Bitcoin and Cryptocurrencies Explained

Bitcoin and Cryptocurrencies Explained
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By Osiris Godwin

If you’ve been paying attention to the Internet longer than just swiping through Facebook and Instagram, then you are sure to have heard mention of Bitcoin. Bitcoin is a popular cryptocurrency that at its heart relies on something called a blockchain.

Bitcoin has had some historic rises and falls over the past six months, and to the layperson that might seem like another real estate bubble. For the most part, Bitcoin could be a bubble because of the way it has been handled rather than because of faults in the system itself.

To understand Bitcoin or any other cryptocurrency, you first must understand how it was created and how it is maintained. A cryptocurrency stems from blockchains, which are best explained as Legos with information stored in each Lego cube. Because of this simplistic design, it is easier to secure and track.

Theoretical. Why is cryptocurrency so popular online and in unstable or developing nations? This is mainly because cryptocurrency is a decentralized currency that can be traded online and as it is decentralized it will be secure.

Attempts to centralize it or control and regulate it subject it to becoming a target for hackers and scammers. It’s essentially a way for people to trade openly peer-to-peer without need of a third party (e.g., banks, PayPal, MasterCard or Visa). Transactions are person-to-person so there is a lot more freedom, and even though the ledger is public and trackable whatever is purchased is encrypted and for your eyes only. This system isn’t flawless yet, but it is all essentially a test market to see the practical use of blockchains and cryptocurrencies in con-temporary society.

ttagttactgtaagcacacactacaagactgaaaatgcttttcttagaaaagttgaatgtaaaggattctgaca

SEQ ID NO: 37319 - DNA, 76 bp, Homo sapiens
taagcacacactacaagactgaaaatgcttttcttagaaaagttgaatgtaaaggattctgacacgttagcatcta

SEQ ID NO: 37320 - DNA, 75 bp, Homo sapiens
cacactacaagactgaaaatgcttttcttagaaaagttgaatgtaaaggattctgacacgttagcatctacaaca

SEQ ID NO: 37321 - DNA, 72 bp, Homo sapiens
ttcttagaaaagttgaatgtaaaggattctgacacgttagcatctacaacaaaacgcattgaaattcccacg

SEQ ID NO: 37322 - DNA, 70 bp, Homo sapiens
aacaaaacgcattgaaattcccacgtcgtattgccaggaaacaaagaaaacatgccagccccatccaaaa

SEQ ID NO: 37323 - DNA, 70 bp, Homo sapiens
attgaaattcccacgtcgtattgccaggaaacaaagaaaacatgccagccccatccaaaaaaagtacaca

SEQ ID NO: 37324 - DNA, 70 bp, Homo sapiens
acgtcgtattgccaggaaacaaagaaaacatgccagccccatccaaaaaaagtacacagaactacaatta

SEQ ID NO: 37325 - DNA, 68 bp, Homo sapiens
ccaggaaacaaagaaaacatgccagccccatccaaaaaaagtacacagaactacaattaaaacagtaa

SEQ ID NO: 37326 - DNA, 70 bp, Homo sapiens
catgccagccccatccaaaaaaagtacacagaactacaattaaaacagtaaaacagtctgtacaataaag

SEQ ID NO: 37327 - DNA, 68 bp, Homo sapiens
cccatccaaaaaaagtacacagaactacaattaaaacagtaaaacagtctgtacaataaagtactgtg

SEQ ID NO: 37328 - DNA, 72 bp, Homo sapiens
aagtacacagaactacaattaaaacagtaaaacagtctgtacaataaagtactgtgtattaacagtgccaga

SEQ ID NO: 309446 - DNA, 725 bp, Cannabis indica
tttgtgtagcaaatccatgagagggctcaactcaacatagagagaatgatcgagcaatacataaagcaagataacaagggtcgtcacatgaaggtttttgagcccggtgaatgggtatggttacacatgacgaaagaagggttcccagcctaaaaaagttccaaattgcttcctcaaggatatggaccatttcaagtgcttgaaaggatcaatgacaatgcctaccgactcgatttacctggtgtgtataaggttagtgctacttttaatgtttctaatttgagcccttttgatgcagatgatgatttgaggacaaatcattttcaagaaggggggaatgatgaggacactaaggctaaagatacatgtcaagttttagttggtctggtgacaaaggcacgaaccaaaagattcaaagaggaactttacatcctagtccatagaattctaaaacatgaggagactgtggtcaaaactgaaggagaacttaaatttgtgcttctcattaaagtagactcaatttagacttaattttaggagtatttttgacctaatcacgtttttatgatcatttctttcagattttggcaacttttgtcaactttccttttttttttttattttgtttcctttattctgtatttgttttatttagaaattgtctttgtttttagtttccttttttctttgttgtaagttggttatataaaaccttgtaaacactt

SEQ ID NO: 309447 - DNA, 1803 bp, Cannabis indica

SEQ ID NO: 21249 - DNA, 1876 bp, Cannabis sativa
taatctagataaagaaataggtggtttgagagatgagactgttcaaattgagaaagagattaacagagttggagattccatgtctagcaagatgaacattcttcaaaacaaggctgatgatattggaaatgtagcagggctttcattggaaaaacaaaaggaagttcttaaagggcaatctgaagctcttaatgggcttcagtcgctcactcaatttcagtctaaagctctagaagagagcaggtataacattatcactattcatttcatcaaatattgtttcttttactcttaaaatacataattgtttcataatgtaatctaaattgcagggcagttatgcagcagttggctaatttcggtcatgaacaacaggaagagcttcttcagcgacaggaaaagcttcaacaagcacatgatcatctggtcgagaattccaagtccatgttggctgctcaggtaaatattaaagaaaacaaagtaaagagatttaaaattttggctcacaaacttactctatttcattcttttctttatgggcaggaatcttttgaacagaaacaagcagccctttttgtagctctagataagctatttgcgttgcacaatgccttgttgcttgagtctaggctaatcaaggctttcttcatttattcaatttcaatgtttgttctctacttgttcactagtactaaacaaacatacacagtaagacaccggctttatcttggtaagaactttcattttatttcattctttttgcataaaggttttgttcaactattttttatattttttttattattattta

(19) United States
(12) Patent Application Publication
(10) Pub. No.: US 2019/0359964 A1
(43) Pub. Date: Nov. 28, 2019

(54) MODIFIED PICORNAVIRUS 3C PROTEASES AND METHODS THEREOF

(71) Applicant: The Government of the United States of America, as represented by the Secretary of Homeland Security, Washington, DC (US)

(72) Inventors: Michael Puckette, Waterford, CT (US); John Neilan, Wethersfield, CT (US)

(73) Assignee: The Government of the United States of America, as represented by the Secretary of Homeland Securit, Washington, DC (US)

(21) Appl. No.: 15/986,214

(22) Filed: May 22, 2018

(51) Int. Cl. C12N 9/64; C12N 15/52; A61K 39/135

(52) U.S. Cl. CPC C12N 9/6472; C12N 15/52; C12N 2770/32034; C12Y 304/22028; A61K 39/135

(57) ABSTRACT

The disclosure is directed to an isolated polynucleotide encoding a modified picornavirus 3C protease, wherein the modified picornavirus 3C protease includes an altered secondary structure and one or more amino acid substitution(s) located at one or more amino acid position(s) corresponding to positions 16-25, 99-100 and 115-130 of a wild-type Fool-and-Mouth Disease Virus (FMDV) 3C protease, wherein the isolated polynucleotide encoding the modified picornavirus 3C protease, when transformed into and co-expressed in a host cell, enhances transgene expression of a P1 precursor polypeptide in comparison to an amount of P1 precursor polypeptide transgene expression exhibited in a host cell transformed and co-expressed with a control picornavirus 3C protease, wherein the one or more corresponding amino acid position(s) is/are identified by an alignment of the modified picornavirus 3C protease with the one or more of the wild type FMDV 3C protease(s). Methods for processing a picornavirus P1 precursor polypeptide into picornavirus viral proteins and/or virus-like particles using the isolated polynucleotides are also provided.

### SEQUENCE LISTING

Practical. To get to the practical use of cryptocurrencies and block-chain systems, we must understand why the current system can be flawed. The purpose of cryptocurrencies originally was to get rid of things like the need for a depreciating currency such as the U.S. dollar, which has an agreed-upon value and can be printed to the point that the agreed-upon value crashes as has happened often in the past.

A good example of this was the German mark after the end of World War I, which inflated to the point that bread increased 1,000 times more than the original agreed-upon value. Cryptocurrencies protect against this by having a set limit on how many Bitcoins, for example, are in existence. This set limit means that instead of the agreed-upon value decreasing over time it will increase because the availability will become scarce.

This could mean that we can create a sustainable and scalable trade system in the future that isn’t reliant on banks or government thus giving more freedom to the people. What is exciting and intimidating about this system is that we don’t necessarily need currency to do trades in the future; we can adapt blockchains to trade goods directly (as in a resource-based economy) with others for goods or services. Blockchains can be used to create a universal ledger. However, there are several hurdles in getting to a perfect system of trade that is decentralized and secure.